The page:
Addressing Complexity Requires Fresh Approaches
October 04, 2019
Case categories include: Leadership
I recently had the opportunity to explore two of the locations on my bucket list – the Galapagos Islands and Machu Picchu. Both were amazing examples of how different species adapted to dramatic changes in their environments.
Each of the Galapagos Islands were formed by undersea volcanoes at different times over a period of 20 million years. As a result, life on each island developed at different times in different ways resulting in unique animals who behave in ways not seen anywhere else. Personally, I loved snorkeling to watch dinosaur-like iguanas graze on the sea algae below me. About 10 million years ago, land iguanas learned to dive under water for 30 minutes at a time to feed on the abundant algae rather than the sparse vegetation on land.
We then visited Peru and learned how the Incan Empire, which existed for less than 200 years before the Spanish took over in 1532, was the source of numerous innovations. Machu Picchu was only one example of the Incas’ remarkable skill at designing and building communities that have survived the test of time. For example, they developed a 25,000-mile transportation network of roads along with communications and distribution systems that allowed emperors to receive deliveries of fresh fish from 250 miles away within two days. The Incas also developed advanced agricultural and astronomical technologies to grow food in the Andes. They experimented with growing crops at different elevations, developed terrace farming and charted the stars to learn when to plant and when to harvest.
The Problem with Experts
I can’t help but compare the rate of change on the Galapagos Islands over millions of years to the innovations created by the Incas over 200 years – and then compare both to the exponential rate of change we’re experiencing today. The convergence of so many technological advancements at the same time is adding not only to the pace of change, but to the complexity of the challenges we face.
When uncertainty, volatility and complexity increase, we naturally look for experts to help us feel comfortable that we’re on the right path. Unfortunately, challenges such as climate change, globalization, privacy and security, geopolitical instability and economic inequality do not lend themselves to simple answers put forth by individual experts.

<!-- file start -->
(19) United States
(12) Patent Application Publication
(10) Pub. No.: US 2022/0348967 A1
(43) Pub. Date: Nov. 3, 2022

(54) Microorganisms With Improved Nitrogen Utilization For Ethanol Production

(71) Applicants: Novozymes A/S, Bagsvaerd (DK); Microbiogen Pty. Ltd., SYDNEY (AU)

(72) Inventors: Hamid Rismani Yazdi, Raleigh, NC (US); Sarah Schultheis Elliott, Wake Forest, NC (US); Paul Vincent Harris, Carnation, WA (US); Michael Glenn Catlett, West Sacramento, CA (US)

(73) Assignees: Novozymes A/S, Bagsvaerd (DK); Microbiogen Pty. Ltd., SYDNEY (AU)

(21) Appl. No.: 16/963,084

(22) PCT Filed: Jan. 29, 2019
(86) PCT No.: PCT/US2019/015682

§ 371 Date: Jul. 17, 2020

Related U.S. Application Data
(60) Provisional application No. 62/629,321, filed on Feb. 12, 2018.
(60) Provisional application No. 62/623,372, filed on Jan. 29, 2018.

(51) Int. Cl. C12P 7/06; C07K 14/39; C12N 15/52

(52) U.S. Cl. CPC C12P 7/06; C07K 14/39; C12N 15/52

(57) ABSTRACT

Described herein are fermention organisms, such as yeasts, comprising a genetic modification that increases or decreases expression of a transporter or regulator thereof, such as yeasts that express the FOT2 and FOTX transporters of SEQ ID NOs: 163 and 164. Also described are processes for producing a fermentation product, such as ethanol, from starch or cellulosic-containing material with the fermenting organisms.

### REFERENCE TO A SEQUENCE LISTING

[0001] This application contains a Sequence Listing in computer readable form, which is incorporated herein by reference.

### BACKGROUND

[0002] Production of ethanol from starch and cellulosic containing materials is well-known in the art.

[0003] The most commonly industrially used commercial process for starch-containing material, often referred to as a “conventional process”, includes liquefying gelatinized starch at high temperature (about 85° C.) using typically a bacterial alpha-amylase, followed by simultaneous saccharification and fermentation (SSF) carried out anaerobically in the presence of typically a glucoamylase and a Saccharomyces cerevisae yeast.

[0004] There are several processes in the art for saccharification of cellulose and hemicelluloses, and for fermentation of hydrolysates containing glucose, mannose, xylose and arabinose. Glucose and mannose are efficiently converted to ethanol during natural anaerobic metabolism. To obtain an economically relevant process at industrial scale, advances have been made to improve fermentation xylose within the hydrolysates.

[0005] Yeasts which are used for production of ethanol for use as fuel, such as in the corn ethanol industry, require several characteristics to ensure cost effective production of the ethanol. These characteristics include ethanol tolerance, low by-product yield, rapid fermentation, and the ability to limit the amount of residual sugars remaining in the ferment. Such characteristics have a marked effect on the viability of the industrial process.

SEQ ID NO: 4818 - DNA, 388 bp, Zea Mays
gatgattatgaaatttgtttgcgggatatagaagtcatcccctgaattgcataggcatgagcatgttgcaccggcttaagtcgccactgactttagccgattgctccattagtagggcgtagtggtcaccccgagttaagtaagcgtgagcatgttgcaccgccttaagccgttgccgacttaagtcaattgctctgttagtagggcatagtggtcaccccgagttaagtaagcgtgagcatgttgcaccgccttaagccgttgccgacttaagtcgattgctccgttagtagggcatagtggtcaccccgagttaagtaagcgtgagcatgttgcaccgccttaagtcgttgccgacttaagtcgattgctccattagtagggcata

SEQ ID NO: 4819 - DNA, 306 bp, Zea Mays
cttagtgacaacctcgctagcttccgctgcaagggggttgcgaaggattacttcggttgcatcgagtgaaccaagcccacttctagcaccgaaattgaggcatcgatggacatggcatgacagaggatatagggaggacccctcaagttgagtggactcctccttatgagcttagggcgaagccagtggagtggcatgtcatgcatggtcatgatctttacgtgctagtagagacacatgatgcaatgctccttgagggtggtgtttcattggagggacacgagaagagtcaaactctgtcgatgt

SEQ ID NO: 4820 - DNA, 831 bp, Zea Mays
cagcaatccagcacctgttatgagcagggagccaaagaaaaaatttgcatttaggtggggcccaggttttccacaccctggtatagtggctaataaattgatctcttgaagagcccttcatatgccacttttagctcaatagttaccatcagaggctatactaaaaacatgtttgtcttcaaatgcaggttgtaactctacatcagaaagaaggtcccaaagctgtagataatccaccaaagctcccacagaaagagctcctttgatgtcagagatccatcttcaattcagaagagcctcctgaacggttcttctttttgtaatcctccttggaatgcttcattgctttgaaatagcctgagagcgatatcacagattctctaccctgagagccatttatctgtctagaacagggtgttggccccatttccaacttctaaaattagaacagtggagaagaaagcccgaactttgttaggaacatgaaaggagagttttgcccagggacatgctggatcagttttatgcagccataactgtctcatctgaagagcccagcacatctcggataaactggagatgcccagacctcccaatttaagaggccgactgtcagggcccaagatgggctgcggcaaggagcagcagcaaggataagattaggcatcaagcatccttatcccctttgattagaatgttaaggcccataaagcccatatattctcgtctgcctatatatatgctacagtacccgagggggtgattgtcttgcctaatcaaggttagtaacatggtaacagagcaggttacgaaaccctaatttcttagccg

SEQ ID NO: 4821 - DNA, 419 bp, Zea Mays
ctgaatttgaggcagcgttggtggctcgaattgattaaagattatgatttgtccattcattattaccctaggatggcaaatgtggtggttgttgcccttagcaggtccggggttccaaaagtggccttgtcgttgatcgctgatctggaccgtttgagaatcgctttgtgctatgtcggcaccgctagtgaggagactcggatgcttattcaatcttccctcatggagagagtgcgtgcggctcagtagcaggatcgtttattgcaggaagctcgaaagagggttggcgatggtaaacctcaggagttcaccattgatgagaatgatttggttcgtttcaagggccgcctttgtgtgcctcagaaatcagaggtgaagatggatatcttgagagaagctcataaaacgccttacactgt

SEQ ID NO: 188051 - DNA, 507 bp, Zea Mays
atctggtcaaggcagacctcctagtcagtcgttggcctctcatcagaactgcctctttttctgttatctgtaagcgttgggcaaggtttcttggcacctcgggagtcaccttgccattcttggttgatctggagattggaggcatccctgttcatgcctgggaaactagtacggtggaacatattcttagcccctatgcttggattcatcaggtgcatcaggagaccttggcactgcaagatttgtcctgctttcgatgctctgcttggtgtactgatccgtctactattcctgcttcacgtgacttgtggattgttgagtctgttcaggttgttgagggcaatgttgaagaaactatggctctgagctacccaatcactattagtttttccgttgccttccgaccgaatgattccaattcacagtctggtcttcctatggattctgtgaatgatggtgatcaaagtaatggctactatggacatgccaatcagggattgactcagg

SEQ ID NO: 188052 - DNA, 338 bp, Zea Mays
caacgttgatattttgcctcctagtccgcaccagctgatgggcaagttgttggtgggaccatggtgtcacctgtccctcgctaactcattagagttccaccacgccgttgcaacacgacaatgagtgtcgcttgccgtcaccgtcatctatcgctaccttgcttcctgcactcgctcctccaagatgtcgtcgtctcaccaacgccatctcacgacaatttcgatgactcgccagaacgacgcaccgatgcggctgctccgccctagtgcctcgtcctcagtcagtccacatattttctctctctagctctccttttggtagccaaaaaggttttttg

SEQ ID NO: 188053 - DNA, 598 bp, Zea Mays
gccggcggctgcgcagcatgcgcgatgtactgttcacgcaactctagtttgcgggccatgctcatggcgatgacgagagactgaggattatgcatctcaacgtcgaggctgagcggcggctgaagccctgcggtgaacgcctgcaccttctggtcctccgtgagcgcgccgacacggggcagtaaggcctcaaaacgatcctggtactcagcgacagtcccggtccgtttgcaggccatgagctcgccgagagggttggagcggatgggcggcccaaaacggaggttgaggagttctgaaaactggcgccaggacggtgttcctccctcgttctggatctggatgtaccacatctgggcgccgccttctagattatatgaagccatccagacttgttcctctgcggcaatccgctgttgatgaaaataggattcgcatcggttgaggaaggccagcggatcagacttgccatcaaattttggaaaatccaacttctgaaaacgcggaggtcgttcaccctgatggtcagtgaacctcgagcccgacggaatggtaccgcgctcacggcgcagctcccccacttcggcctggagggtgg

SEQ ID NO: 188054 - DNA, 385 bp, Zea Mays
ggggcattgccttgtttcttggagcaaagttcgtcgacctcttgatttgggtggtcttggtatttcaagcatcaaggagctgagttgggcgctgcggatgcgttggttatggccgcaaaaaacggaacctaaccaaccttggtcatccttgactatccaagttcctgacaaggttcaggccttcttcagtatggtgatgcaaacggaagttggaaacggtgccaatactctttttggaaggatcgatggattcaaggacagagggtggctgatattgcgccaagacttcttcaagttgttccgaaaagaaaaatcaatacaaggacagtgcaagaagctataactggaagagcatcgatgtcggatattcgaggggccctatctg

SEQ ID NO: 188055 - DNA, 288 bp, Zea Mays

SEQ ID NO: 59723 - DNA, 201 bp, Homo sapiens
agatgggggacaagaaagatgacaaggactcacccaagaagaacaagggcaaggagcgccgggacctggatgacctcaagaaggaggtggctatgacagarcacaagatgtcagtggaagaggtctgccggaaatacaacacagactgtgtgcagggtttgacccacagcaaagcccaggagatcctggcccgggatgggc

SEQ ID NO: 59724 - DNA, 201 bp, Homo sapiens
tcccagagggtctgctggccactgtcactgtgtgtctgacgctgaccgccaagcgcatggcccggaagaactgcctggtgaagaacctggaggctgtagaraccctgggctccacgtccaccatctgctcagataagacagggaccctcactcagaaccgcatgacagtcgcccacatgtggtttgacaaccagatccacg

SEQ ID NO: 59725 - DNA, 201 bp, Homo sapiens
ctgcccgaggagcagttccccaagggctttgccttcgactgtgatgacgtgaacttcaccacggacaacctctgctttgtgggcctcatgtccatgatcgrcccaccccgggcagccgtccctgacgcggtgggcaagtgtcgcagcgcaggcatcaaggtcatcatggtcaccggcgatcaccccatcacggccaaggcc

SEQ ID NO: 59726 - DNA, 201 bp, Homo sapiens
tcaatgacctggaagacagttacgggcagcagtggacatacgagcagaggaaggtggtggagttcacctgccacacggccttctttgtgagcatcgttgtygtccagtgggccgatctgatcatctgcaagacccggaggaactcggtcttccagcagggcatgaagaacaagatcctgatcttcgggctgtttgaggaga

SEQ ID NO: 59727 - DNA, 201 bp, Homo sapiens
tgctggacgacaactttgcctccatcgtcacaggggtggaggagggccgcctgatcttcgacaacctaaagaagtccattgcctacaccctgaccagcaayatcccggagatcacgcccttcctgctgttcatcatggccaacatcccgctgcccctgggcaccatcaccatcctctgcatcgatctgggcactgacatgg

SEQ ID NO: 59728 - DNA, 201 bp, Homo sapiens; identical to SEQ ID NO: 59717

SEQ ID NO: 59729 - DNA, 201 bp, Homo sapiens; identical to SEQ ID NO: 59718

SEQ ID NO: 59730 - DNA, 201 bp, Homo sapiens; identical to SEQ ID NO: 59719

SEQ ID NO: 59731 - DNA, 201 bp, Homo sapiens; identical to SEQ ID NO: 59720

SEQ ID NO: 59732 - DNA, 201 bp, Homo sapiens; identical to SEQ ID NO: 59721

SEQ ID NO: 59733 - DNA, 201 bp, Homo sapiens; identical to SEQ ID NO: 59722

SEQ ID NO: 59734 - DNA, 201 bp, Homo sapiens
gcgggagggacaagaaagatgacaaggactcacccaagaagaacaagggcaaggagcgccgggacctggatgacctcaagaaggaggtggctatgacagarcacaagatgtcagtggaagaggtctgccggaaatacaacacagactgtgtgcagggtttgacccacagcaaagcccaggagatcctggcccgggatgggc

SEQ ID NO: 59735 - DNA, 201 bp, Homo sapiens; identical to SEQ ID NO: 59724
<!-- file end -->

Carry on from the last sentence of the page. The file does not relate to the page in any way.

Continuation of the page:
Researchers have confirmed that experts are less creative than rookies when solving difficult problems. Rookies view problems with fresh eyes and ask a ton of questions. Experts, on the other hand, often view challenges through their pre-existing frameworks. Because of this, they often don’t ask enough questions to understand the unique differences with new situations.
As a result, experts can jump to flawed solutions and their status makes it difficult for others to offer different approaches. Although rookies may not have the answers, they often look at problems differently and enable others to think before jumping to conclusions.
Cultivating Fresh Ideas
We all have expertise in something. As leaders, how can we make certain our own experiences do not hinder our ability to address the increased complexity of today’s challenges? I believe it boils down to several principles:
- Curiosity – Wise leaders begin with humility and acknowledge that they don’t know everything. As change continues to accelerate at exponential speed, we must learn constantly if we hope to keep up.
Openness to New Ideas – We must actively seek out fresh ideas. Whether they’re brilliant or absurd, new ideas force us to consider alternative approaches and often trigger even better ideas.
Asking Questions – Because we can never know everything about complex situations, developing an ability to ask probing questions has become a critical skill in an increasingly changing world.
Seek Out Different Perspectives – Surrounding ourselves with others who have different experiences and perspectives than our own is essential for managing complex challenges. A diversity of perspectives can be as valuable as diversity of knowledge.
Foster an Inquisitive Culture – It’s important to encourage others to challenge all assumptions including our own. Even when our solution is no different than our first answer, we gain confidence in the solution when it’s been fully vetted.
I don’t believe we can slow down the pace of change in today’s world. Disruptive innovations are being announced almost every day. New technologies are enabling scientists, engineers and entrepreneurs to create a constant stream of innovations designed to make our lives better. However, almost all innovations produce unintended consequences and, as a result, complexity continues to increase.
If we can’t stop progress, we must develop our ability to deal with increasingly complex challenges by learning to take advantage of all of our collective wisdom to identify fresh approaches to today’s problems.